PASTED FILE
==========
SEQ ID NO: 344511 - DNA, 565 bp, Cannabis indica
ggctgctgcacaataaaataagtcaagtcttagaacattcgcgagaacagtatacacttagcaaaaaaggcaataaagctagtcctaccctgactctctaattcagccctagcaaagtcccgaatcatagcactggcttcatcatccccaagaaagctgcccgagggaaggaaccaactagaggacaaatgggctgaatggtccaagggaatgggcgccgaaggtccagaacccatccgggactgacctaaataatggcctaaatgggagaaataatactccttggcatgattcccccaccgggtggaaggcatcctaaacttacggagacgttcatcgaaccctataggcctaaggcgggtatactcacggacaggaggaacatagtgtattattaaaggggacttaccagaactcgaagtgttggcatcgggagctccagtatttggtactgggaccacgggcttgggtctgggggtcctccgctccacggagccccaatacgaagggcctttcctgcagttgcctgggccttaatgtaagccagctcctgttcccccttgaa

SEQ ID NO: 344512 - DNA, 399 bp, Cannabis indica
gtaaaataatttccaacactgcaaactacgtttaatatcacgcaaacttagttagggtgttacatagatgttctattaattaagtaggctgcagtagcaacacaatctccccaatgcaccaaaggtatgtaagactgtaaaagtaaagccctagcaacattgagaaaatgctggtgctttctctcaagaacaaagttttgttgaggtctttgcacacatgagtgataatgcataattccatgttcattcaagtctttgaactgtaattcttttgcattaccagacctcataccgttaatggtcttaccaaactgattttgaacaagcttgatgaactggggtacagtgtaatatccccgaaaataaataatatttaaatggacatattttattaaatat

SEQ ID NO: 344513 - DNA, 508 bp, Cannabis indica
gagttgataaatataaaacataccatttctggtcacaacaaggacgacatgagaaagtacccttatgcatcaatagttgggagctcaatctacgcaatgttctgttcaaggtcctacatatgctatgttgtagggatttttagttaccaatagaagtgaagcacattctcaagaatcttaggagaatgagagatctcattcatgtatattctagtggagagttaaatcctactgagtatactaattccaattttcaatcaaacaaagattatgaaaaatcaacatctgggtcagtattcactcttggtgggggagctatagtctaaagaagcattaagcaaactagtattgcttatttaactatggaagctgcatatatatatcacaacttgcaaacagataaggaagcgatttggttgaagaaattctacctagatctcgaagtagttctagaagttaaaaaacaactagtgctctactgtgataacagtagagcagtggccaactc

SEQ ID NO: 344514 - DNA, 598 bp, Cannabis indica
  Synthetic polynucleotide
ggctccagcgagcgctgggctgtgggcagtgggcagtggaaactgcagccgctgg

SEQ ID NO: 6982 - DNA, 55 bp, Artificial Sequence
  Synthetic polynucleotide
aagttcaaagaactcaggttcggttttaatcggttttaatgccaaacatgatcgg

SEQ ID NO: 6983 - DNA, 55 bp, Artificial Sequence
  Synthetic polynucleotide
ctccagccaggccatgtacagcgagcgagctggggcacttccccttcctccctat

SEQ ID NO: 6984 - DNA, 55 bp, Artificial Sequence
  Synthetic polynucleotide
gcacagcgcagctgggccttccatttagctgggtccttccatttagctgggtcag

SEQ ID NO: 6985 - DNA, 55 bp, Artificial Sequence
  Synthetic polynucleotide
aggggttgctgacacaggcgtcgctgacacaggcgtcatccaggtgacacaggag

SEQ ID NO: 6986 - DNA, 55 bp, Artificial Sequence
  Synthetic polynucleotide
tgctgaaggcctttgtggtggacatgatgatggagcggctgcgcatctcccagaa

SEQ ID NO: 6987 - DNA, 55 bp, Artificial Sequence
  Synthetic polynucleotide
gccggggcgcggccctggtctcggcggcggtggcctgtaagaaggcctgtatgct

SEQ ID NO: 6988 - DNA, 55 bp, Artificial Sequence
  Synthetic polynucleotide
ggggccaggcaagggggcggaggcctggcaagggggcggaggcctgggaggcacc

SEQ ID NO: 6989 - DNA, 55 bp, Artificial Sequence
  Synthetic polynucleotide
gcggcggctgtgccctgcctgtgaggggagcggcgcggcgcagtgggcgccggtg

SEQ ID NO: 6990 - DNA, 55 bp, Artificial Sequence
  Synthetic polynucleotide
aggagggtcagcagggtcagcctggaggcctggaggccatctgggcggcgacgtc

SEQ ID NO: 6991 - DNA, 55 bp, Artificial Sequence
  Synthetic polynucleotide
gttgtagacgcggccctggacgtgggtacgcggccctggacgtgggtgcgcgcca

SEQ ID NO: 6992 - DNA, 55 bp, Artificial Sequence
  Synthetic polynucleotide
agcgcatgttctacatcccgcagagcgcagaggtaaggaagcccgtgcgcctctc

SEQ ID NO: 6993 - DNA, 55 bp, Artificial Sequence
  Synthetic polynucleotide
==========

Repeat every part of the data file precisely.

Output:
SEQ ID NO: 344511 - DNA, 565 bp, Cannabis indica
ggctgctgcacaataaaataagtcaagtcttagaacattcgcgagaacagtatacacttagcaaaaaaggcaataaagctagtcctaccctgactctctaattcagccctagcaaagtcccgaatcatagcactggcttcatcatccccaagaaagctgcccgagggaaggaaccaactagaggacaaatgggctgaatggtccaagggaatgggcgccgaaggtccagaacccatccgggactgacctaaataatggcctaaatgggagaaataatactccttggcatgattcccccaccgggtggaaggcatcctaaacttacggagacgttcatcgaaccctataggcctaaggcgggtatactcacggacaggaggaacatagtgtattattaaaggggacttaccagaactcgaagtgttggcatcgggagctccagtatttggtactgggaccacgggcttgggtctgggggtcctccgctccacggagccccaatacgaagggcctttcctgcagttgcctgggccttaatgtaagccagctcctgttcccccttgaa

SEQ ID NO: 344512 - DNA, 399 bp, Cannabis indica
gtaaaataatttccaacactgcaaactacgtttaatatcacgcaaacttagttagggtgttacatagatgttctattaattaagtaggctgcagtagcaacacaatctccccaatgcaccaaaggtatgtaagactgtaaaagtaaagccctagcaacattgagaaaatgctggtgctttctctcaagaacaaagttttgttgaggtctttgcacacatgagtgataatgcataattccatgttcattcaagtctttgaactgtaattcttttgcattaccagacctcataccgttaatggtcttaccaaactgattttgaacaagcttgatgaactggggtacagtgtaatatccccgaaaataaataatatttaaatggacatattttattaaatat

SEQ ID NO: 344513 - DNA, 508 bp, Cannabis indica
gagttgataaatataaaacataccatttctggtcacaacaaggacgacatgagaaagtacccttatgcatcaatagttgggagctcaatctacgcaatgttctgttcaaggtcctacatatgctatgttgtagggatttttagttaccaatagaagtgaagcacattctcaagaatcttaggagaatgagagatctcattcatgtatattctagtggagagttaaatcctactgagtatactaattccaattttcaatcaaacaaagattatgaaaaatcaacatctgggtcagtattcactcttggtgggggagctatagtctaaagaagcattaagcaaactagtattgcttatttaactatggaagctgcatatatatatcacaacttgcaaacagataaggaagcgatttggttgaagaaattctacctagatctcgaagtagttctagaagttaaaaaacaactagtgctctactgtgataacagtagagcagtggccaactc

SEQ ID NO: 344514 - DNA, 598 bp, Cannabis indica
  Synthetic polynucleotide
ggctccagcgagcgctgggctgtgggcagtgggcagtggaaactgcagccgctgg

SEQ ID NO: 6982 - DNA, 55 bp, Artificial Sequence
  Synthetic polynucleotide
aagttcaaagaactcaggttcggttttaatcggttttaatgccaaacatgatcgg

SEQ ID NO: 6983 - DNA, 55 bp, Artificial Sequence
  Synthetic polynucleotide
ctccagccaggccatgtacagcgagcgagctggggcacttccccttcctccctat

SEQ ID NO: 6984 - DNA, 55 bp, Artificial Sequence
  Synthetic polynucleotide
gcacagcgcagctgggccttccatttagctgggtccttccatttagctgggtcag

SEQ ID NO: 6985 - DNA, 55 bp, Artificial Sequence
  Synthetic polynucleotide
aggggttgctgacacaggcgtcgctgacacaggcgtcatccaggtgacacaggag

SEQ ID NO: 6986 - DNA, 55 bp, Artificial Sequence
  Synthetic polynucleotide
tgctgaaggcctttgtggtggacatgatgatggagcggctgcgcatctcccagaa

SEQ ID NO: 6987 - DNA, 55 bp, Artificial Sequence
  Synthetic polynucleotide
gccggggcgcggccctggtctcggcggcggtggcctgtaagaaggcctgtatgct

SEQ ID NO: 6988 - DNA, 55 bp, Artificial Sequence
  Synthetic polynucleotide
ggggccaggcaagggggcggaggcctggcaagggggcggaggcctgggaggcacc

SEQ ID NO: 6989 - DNA, 55 bp, Artificial Sequence
  Synthetic polynucleotide
gcggcggctgtgccctgcctgtgaggggagcggcgcggcgcagtgggcgccggtg

SEQ ID NO: 6990 - DNA, 55 bp, Artificial Sequence
  Synthetic polynucleotide
aggagggtcagcagggtcagcctggaggcctggaggccatctgggcggcgacgtc

SEQ ID NO: 6991 - DNA, 55 bp, Artificial Sequence
  Synthetic polynucleotide
gttgtagacgcggccctggacgtgggtacgcggccctggacgtgggtgcgcgcca

SEQ ID NO: 6992 - DNA, 55 bp, Artificial Sequence
  Synthetic polynucleotide
agcgcatgttctacatcccgcagagcgcagaggtaaggaagcccgtgcgcctctc

SEQ ID NO: 6993 - DNA, 55 bp, Artificial Sequence
  Synthetic polynucleotide